Customer Reviews for

Known to Evil (Leonid McGill Series #2)

Average Rating 4
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Most Helpful Favorable Review

3 out of 3 people found this review helpful.

Leonid McGill #2

Leonid McGill is 50-something, short, pudgy and bald. He's also a private detective, who had done nasty work and now is trying to be on the straight and narrow...sort of. He's got a bunch of friends he can call on for various services, as required, and they all show u...
Leonid McGill is 50-something, short, pudgy and bald. He's also a private detective, who had done nasty work and now is trying to be on the straight and narrow...sort of. He's got a bunch of friends he can call on for various services, as required, and they all show up in Known to Evil, the second in McGill series.

Alphonse Rinaldo, a secrete power in the New York City government, calls upon McGill to find the whereabouts of Tara Lear. Going to her last known address, he finds himself in the midst of a murder investigation of one, Wanda Soa. Since McGill is not a favorite of New York's finest, he finds himself a suspect.

In the midst of this, his sons Dimitri and Twilliam are trying to help a Russian girl who was forced into prostitution--Dimitri has a crush on her. Lastly, a women Leonid loves (he's in a loveless, cheating marriage) has found a new boyfriend.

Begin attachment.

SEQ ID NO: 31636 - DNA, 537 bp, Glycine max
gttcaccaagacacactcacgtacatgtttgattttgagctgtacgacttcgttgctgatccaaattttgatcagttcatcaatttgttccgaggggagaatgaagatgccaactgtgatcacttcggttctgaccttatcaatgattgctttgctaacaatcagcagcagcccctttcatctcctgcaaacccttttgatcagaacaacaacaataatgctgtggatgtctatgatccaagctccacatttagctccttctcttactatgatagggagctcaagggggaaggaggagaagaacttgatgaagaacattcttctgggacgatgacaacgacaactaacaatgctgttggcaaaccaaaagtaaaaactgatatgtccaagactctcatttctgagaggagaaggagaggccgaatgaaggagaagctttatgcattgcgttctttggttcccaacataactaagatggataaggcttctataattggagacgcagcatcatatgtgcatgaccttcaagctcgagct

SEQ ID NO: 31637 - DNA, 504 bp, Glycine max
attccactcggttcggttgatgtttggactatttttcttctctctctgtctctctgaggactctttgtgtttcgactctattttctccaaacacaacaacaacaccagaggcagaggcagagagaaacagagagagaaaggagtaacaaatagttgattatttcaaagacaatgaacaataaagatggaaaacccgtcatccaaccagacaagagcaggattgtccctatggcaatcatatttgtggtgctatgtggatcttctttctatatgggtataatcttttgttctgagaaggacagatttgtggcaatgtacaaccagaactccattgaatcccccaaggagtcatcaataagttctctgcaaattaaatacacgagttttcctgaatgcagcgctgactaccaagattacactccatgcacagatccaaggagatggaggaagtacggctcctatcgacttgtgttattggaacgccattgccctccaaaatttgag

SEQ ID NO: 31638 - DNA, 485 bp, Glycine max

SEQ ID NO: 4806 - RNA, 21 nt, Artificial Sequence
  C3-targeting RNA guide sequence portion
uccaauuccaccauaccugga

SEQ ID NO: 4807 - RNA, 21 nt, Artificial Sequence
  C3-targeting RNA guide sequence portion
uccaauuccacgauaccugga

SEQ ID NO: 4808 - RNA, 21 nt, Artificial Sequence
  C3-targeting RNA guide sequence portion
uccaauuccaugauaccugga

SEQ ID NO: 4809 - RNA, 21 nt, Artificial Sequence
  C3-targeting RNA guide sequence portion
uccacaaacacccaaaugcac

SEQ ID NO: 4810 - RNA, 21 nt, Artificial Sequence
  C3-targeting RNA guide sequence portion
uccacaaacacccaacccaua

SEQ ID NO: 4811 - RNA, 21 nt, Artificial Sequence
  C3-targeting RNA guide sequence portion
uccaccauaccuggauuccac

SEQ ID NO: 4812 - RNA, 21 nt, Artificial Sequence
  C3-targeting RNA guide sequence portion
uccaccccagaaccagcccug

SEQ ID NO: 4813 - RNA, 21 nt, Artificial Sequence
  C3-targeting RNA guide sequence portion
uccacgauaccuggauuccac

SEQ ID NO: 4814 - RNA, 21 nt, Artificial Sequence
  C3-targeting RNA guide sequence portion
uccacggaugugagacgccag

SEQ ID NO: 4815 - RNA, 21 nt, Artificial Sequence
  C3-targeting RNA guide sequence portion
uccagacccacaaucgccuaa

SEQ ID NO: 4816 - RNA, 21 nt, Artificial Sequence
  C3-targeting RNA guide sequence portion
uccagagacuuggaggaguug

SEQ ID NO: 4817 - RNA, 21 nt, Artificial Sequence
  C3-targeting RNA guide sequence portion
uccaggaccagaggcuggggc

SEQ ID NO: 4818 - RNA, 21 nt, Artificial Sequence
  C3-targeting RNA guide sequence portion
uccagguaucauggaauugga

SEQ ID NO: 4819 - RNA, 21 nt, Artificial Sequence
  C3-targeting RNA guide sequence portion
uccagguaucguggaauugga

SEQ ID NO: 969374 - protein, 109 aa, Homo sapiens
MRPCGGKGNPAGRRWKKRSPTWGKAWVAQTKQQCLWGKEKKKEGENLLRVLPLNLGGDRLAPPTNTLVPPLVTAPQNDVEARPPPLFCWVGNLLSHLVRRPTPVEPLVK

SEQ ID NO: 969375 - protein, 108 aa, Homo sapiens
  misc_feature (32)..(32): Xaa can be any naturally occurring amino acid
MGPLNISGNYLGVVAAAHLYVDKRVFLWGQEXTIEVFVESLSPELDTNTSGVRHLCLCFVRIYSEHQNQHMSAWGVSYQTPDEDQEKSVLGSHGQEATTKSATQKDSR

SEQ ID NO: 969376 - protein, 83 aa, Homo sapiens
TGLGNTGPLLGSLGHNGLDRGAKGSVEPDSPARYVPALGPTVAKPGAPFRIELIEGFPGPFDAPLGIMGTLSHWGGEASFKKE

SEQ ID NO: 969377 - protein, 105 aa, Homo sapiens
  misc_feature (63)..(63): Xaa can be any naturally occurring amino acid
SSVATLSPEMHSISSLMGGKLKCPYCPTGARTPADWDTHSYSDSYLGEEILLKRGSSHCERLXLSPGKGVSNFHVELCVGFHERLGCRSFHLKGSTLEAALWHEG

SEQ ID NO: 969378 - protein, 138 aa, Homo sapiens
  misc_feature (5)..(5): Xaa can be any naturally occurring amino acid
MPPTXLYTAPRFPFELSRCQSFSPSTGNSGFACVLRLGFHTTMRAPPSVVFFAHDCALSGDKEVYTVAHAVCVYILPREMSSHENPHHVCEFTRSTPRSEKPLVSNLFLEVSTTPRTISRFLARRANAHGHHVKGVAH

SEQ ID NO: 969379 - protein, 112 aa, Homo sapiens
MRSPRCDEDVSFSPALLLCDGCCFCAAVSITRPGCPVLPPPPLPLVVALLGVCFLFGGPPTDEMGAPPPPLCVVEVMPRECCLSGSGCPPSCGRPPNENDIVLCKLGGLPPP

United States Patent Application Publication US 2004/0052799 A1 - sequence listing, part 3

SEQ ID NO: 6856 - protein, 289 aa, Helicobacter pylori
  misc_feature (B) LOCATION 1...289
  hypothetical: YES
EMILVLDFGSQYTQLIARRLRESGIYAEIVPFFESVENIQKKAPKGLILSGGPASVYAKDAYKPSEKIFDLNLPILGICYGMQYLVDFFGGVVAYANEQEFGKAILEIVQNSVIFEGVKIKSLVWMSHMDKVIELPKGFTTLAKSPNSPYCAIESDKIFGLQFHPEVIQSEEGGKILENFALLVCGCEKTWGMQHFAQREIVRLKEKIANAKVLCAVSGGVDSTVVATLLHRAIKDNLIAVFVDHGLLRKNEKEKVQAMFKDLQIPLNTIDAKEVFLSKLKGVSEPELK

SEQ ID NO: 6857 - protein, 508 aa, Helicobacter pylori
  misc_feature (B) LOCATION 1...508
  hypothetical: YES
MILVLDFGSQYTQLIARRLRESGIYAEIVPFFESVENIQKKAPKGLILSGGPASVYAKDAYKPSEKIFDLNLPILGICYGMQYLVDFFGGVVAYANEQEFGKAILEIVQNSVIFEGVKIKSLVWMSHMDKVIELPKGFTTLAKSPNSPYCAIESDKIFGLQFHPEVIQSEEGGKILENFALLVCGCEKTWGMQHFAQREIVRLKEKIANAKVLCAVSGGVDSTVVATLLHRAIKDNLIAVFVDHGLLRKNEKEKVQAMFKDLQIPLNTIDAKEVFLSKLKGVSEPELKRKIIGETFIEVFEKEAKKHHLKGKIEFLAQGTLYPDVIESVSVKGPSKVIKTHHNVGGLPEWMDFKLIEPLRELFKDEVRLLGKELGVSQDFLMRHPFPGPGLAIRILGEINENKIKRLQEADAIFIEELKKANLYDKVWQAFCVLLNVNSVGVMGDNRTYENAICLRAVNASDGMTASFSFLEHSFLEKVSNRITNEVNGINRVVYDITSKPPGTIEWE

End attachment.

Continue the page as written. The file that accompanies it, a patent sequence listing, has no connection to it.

I like several things about this series. I like the fact it takes place in New York. I like the characters. Leonid's father was a Communist and he's transferred his dislike of the establishment to Leonid. Leonid philosophizes throughout the book. He's a really likeable character. Actually, all the characters are likeable. There's enough action and enough blood, but not too much. Mosley's books are fast reads, but they also make you think about life. A good combination--mystery and philosophy.

posted by EdNY on April 19, 2010

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Most Helpful Critical Review

1 out of 7 people found this review helpful.

Don't waste your money!

The character Leonid MacGill was a disappointment. What black man or white for that matter would take back a cheating wife that runs off with another man, returns and ask to be taken back after her lover is arrested, have a child by another man while married? lastly, sh...
The character Leonid MacGill was a disappointment. What black man or white for that matter would take back a cheating wife that runs off with another man, returns and ask to be taken back after her lover is arrested, have a child by another man while married? lastly, she now has a young lover which her husband is aware of, yet he allows her to remain in the marriage because he also is a cheater. Unreal, not believable, I did not enjoy reading about his underworld, low life so call friends whom helped him with his investigation of a missing girl.

posted by 3475390 on May 2, 2010

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    Posted May 20, 2010

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    Posted March 23, 2010

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